Fish: Fish contains good fats and amino acids, boosting the immune system and creating a gorgeous coat of fur in the process. Salmon and sardines are especially beneficial — salmon because it’s loaded with vitamins and protein, and sardines because they have soft, digestible bones for extra calcium. Be careful not to feed them anything with excessive bones, only tiny sardine bones are fine. Again, moderation is the key here and remember that canned sardines will be heavily salted and that is not good.
Garlic: No to onions, leeks, and chives, garlic! Anything that is part of the Allium family is toxic to dogs. Garlic can create anemia in dogs. They will develop pale gums. Heart rate can increase and they will become weak and collapse. Sometimes this form of poisoning isn’t noticed for several days. Monitor them closely if you even suspect they’ve eaten any of these.
Ham: Ham is safe but not healthy. It is cured and therefore really high in salt. It’s also a really fatty food.
Honey: Honey is great for dogs. Honey is packed with countless nutrients such as vitamins A, B, C, D, E, and K, potassium, calcium, magnesium, copper, and antioxidants. If they have allergies, giving them a little local honey is actually very good for them.
Ice cream: It contains lots of sugar so it is best not to share with your dog. If your dog is lactose intolerance, avoid the milk products totally. Try giving them frozen fruits instead.
Macadamia nuts: These are some of the most poisonous foods for dogs! Macadamia nuts, part of the Proteaceae family. Dogs will vomit, have a temperature, and become unable to walk. These nuts can impact the nervous system, becoming extremely serious as a health risk.
Milk: Some dogs are lactose-intolerant and don’t digest milk well. Milk is generally okay in very small doses. Diarrhea can be quite bad if they react to it.
Peanut butter: Peanut butter can be an excellent source of protein for dogs. Raw, unsalted peanut butter is the healthiest option because it doesn’t contain xylitol, a sugar substitute that can be deadly for dogs.
Peanuts: Peanuts are safe for dogs to eat. Give peanuts in moderation. Avoid the salted nuts and don’t give too many because they are really loaded with fat and can cause weight gain.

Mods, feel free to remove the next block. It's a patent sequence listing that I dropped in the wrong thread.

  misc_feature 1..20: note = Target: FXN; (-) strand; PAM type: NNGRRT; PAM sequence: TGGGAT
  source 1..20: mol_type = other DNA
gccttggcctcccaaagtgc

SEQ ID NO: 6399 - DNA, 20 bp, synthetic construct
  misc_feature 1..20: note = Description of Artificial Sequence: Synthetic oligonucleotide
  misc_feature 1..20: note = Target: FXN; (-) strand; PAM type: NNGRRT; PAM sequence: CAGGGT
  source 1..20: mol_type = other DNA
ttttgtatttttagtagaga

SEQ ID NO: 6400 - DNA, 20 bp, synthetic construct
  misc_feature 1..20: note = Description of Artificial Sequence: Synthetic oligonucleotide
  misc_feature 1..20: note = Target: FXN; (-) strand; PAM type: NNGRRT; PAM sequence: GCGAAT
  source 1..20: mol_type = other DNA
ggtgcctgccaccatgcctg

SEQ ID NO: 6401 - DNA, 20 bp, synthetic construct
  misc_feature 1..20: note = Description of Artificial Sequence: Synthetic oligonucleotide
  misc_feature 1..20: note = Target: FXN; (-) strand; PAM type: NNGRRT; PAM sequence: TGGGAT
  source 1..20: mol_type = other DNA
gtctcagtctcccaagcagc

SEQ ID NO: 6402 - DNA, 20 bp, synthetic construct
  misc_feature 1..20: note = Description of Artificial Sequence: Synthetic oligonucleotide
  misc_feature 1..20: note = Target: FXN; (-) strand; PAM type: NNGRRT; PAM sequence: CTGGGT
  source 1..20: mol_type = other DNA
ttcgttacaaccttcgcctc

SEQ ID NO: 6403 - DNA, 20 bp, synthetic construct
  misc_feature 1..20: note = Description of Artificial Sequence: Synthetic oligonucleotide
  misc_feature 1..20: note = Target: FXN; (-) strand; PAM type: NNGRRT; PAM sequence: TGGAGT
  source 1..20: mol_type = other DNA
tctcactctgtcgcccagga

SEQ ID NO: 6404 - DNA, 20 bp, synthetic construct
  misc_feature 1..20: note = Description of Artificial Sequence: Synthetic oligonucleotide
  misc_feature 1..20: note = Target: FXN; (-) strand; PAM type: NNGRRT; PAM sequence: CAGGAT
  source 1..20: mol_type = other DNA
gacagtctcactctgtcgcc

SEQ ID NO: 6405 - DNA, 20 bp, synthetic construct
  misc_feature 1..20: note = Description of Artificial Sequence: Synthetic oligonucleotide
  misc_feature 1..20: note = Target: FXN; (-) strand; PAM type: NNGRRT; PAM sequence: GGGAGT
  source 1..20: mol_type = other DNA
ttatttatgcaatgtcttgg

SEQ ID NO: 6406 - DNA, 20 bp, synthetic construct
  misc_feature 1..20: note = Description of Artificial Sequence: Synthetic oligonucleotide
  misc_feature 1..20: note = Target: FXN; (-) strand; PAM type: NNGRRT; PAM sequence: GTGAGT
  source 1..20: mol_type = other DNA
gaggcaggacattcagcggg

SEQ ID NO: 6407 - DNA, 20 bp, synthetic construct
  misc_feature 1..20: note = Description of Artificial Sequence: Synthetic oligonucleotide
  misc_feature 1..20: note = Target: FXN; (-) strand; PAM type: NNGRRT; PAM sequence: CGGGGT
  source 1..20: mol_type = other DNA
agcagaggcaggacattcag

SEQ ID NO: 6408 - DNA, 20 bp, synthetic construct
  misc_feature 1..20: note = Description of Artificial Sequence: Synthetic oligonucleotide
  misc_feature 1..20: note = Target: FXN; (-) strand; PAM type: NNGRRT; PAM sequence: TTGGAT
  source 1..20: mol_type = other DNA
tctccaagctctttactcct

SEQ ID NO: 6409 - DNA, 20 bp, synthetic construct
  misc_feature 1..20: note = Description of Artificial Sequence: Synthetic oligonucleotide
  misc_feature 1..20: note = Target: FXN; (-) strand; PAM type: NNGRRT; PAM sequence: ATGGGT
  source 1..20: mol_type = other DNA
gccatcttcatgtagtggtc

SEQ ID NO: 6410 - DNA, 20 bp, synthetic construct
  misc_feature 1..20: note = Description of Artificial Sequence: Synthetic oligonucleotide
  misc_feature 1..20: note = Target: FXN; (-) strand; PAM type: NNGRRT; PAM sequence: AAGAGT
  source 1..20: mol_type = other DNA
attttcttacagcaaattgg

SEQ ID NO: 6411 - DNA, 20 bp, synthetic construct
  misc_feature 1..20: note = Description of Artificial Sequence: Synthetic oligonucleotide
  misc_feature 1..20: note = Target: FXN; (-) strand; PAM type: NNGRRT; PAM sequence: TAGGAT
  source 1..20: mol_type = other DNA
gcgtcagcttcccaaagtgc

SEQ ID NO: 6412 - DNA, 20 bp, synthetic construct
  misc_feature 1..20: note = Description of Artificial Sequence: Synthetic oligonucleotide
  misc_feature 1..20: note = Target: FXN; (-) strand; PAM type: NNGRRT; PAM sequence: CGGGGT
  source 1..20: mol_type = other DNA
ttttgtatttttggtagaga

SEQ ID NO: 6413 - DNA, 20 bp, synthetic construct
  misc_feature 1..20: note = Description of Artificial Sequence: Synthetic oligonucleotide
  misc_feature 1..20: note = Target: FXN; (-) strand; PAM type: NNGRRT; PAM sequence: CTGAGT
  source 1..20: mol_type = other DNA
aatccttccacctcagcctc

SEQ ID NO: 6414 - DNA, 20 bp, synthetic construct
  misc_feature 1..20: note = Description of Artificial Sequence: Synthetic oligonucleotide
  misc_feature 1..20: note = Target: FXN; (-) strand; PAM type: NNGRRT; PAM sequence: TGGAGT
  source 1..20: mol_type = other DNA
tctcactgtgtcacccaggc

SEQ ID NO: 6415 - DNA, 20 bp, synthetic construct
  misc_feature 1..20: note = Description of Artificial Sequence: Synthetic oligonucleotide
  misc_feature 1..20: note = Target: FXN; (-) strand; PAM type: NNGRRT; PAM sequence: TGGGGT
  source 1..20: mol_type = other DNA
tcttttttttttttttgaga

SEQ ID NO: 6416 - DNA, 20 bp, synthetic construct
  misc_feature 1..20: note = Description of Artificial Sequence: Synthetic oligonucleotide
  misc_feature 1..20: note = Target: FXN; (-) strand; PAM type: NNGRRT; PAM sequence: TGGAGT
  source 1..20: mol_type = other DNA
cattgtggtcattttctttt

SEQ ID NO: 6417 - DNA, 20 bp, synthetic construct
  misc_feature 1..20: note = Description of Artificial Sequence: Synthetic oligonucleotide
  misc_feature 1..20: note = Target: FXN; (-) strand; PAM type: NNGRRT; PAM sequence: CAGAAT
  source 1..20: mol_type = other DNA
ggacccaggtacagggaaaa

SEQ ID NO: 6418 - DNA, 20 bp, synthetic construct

Popcorn: Yes, but only if it is unsalted, unbuttered, plain and/or air-popped popcorn. It contains riboflavin and thiamine, both of which promote eye health and digestion, as well as small amounts of iron and protein.
Pork: Pork is a highly digestible protein, packed with amino acids, and it contains more calories per pound than other meats. Surprisingly, pork is a meat that causes fewer allergic reactions than other types of meat for dogs with food allergies.
Shrimp: A few shrimp at a time, that are fully cooked will be fine for your dog. Remove shell and legs to prevent choking and cuts to the throat.
Tuna: Fresh tuna is an excellent source of omega-3 fatty acids, which promotes heart and eye health. Canned tuna is higher in levels of mercury and packed with salt. It should be avoided if possible. A little bit of canned tuna and tuna juice is fine as long as you’ve not added spices to it.
Turkey: Turkey is fine for dogs as long as it is not coked with spices, salted, or cooked in garlic or with onion. Remove the fat to make it healthy. Don’t feed turkey bones ever. These will splinter and can puncture the stomach or intestines.
Wheat/grains: Dogs do not have to be grain-free; this is a new trend in dog food and it may even be dangerous. Recent studies show that dogs without grain in their diet are developing enlarged hearts. If your dog has certain allergies, however, it might be best to avoid grains. You should consult with your veterinarian and do allergen testing if necessary to ensure you’re giving your dog the best diet for him or her. ,
Yogurt: Dogs love yogurt. Plain Greek yogurt is great for skin and coat. A little on their food is fine. If they get diarrhea from it, they may be lactose intolerant. The active bacteria in yogurt can help strengthen the digestive system with probiotics. Do not feed them yogurts that are flavored and have added sugars. This would be detrimental to their health.
This is a very thorough list of what dogs should and should not eat.
Dawn Greer is a passionate blogger and animal rights activist. She is a pet lover, certified dog trainer, behavior consultant, pet nutritionist, and former veterinary technician. She continues her work while writing blogs for pet lovers around the globe.